By Sarah Knapton, science editor
31 OCTOBER 2016 • 4:14PM
The Zika virus could cause infertility in men, a new study suggests.
Scientists in the US discovered that mice infected with Zika had shrunken testicles, low testosterone levels and low sperm counts.
Although the findings have not yet been replicated in humans, experts say that the virus may also have worrying conseqences for men who become infected.
The more we learn about the Zika virus, the more interesting and alarming it becomes.
Prof Allan Pacey University of Sheffield
Dr Michael Diamond, of the University of Washington, who co-authored the study, said: “While our study was in mice, and with the caveat that we don’t yet know whether Zika has the same effect in men, it does suggest that men might face low testosterone levels and low sperm counts after Zika infection, affecting their fertility.
“We don’t know for certain if the damage is irreversible, but I expect so, because the cells that hold the internal structure in place have been infected and destroyed.”
The research is the first to link Zika to male infertility. Previously it was though that the virus, which is passed on through mosquito bites, was only dangerous for pregnant women, because it can lead to babies being born with shrunken heads and brain damage, a condition known as microcephaly. In rare cases it can also lead to Guillain-Barre syndrome which can cause paralysis and lead to death.
According to Public Health England (PHE), some 244 British people have contracted the virus since the current outbreak from travelling abroad, but they did not have records for how many were men.
The study authors say men may not realise they are infertile until many years after infection.
“This is the only virus I know of that causes such severe symptoms of infertility,” said co-author Dr Kelle Moley, professor of obstetrics and gynecology at the University of Washington.
“You might also ask, ‘Wouldn’t a man notice if his testicles shrank?’ Well, probably. But we don’t really know how the severity in men might compare with the severity in mice. I assume that something is happening to the testes of men, but whether it’s as dramatic as in the mice is hard to say.”
British experts said the findings coincided with reports that men infected with Zika suffered from pelvic pain and blood in their urine. The effects are similar to those seen following human infection with other sexually transmitted infections.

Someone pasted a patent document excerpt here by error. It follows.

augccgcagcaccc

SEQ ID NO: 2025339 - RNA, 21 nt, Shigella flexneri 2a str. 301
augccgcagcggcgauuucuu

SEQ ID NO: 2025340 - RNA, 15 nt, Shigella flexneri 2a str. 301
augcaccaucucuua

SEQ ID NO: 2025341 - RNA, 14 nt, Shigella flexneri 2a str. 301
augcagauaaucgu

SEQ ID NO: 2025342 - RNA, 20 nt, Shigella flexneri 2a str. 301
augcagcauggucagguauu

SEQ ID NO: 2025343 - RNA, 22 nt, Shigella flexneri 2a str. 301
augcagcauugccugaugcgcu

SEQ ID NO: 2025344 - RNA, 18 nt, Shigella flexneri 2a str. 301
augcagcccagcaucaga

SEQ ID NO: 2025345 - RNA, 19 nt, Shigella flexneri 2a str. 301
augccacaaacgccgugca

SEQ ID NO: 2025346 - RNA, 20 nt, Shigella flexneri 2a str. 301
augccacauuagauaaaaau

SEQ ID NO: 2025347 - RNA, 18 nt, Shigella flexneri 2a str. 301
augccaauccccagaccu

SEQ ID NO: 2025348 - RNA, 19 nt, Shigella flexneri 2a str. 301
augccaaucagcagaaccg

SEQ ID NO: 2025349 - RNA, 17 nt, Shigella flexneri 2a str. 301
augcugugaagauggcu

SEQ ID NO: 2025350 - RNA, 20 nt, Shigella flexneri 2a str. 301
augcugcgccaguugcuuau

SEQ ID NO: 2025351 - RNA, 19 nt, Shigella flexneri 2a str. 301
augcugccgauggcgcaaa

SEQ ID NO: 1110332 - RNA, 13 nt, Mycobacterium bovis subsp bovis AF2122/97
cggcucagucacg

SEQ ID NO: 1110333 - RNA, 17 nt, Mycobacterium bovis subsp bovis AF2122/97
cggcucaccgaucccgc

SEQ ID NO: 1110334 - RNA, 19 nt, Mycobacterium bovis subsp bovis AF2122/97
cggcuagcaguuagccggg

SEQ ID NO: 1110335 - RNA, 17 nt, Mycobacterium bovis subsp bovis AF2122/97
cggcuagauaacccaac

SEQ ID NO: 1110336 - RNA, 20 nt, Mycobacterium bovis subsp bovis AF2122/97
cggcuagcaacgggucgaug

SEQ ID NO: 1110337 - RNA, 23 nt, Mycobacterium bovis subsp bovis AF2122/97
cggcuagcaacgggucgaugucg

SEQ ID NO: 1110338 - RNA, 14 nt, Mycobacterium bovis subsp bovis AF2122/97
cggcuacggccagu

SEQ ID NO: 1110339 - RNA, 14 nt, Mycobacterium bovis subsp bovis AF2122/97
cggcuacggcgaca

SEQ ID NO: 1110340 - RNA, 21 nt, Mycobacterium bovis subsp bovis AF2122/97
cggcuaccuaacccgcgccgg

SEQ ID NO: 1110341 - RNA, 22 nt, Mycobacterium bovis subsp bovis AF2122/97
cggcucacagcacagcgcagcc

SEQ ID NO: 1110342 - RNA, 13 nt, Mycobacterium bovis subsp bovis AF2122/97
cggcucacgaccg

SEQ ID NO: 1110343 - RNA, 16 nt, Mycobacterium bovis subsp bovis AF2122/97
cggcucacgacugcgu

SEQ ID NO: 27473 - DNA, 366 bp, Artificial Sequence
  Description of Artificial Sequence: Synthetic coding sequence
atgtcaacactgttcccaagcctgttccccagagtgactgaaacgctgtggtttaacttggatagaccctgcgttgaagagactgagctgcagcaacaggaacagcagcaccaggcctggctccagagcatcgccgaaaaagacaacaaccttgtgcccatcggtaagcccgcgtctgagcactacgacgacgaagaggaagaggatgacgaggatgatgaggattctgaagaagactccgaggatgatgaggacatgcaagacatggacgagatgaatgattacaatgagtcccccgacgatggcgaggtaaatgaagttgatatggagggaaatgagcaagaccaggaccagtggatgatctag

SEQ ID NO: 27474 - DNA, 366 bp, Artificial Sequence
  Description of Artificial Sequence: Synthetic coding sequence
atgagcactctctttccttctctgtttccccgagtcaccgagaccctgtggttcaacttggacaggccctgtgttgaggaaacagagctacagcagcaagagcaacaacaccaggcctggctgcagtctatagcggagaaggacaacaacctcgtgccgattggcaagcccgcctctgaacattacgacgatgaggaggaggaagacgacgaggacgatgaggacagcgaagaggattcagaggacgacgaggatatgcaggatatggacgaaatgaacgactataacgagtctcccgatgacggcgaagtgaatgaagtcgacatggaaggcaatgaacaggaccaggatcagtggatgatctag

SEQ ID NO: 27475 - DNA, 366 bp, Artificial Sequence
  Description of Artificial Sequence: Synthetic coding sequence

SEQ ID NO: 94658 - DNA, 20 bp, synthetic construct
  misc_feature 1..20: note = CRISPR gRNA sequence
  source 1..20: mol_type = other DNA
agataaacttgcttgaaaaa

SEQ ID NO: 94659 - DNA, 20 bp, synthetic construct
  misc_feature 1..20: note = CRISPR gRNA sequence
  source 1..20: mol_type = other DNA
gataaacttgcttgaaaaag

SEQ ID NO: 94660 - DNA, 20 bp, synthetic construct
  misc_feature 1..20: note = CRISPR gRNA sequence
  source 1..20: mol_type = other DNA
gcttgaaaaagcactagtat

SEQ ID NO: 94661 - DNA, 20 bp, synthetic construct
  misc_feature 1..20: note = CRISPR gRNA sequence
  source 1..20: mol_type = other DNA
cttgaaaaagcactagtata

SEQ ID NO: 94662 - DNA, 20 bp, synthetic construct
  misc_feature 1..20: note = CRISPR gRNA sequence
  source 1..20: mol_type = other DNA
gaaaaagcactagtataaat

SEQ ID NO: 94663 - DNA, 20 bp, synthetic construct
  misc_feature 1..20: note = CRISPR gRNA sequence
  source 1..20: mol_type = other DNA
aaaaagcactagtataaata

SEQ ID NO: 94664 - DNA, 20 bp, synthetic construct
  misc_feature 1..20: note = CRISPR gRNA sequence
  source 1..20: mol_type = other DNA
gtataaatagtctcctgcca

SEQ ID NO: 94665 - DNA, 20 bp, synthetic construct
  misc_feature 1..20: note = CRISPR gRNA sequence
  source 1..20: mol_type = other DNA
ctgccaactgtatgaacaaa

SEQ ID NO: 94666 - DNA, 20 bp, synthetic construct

Dr Derek Gatherer, lecturer in the Division of Biomedical and Life Sciences at Lancaster University, said it was important to start monitoring the fertility of men who had been infected with Zika to see if patterns emerge.
“The question of whether or not male Zika patients develop subsequent fertility problems ought to be answerable by comparing the numbers of children born to that group, and their sperm counts, against a social and age matched Zika-negative group,” he said.
“It’s been known for a while that Zika virus in men can find its way into the reproductive organs and may then go on to be sexually transmitted, but this study in mice is the first suggestion that this passage through the reproductive tract may actually be damaging.
“Whether the results are relevant to human Zika infection remains to be seen. Nevertheless, some clinical reports of pain in the lower pelvis of Zika patients, and blood in their sperm would be consistent with a similar effect happening in humans.”
The virus is known to persist in men’s semen for months and PHE currently recommends that men use condoms for six months upon returning from a Zika-endemic region to avoid passing the disease to their partners.
However, the new research suggests that the virus can also damage the male reproductive system.
Scientists found that after three weeks the testicles of Zika-infected mice had shrunk to one-tenth of their normal size and their internal structure was completely destroyed. Levels of their sex hormones also dropped and their fertility was reduced.
By six weeks after infection, the number of motile sperm was down tenfold, and testosterone levels were similarly low.
When healthy females were mated with infected mice, the females were around four times less likely to become pregnant as those paired with uninfected males.
Prof Richard Sharpe, of the MRC Centre for Reproductive Health at the University of Edinburgh said: “The big question is whether the same course of events might happen in men infected with Zika, because if so, it could well result in permanent loss of or reduction in fertility
“For sure, any generalised infection of the testes bad enough to provoke an immune reaction within the testes is bad news for testis function and sperm generation. The answer is that we just don’t know.
“These new findings strongly suggest that testes function in human men infected with Zika should be closely investigated so that we can try and establish whether or not Zika poses a new threat to male reproductive function.”
In August, US scientists said that the disease had the potential to cause long-term memory problems, similar to Alzheimer’s disease.
Prof Allan Pacey, professor of Andrology at the University of Sheffield, added: “The more we learn about the Zika virus, the more interesting and alarming it becomes.”
Governments in South America are attempting to combat the outbreak by releasing genetically modified or infected mosquitoes into communities to bring down insect populations.
The research was published in the journal Nature.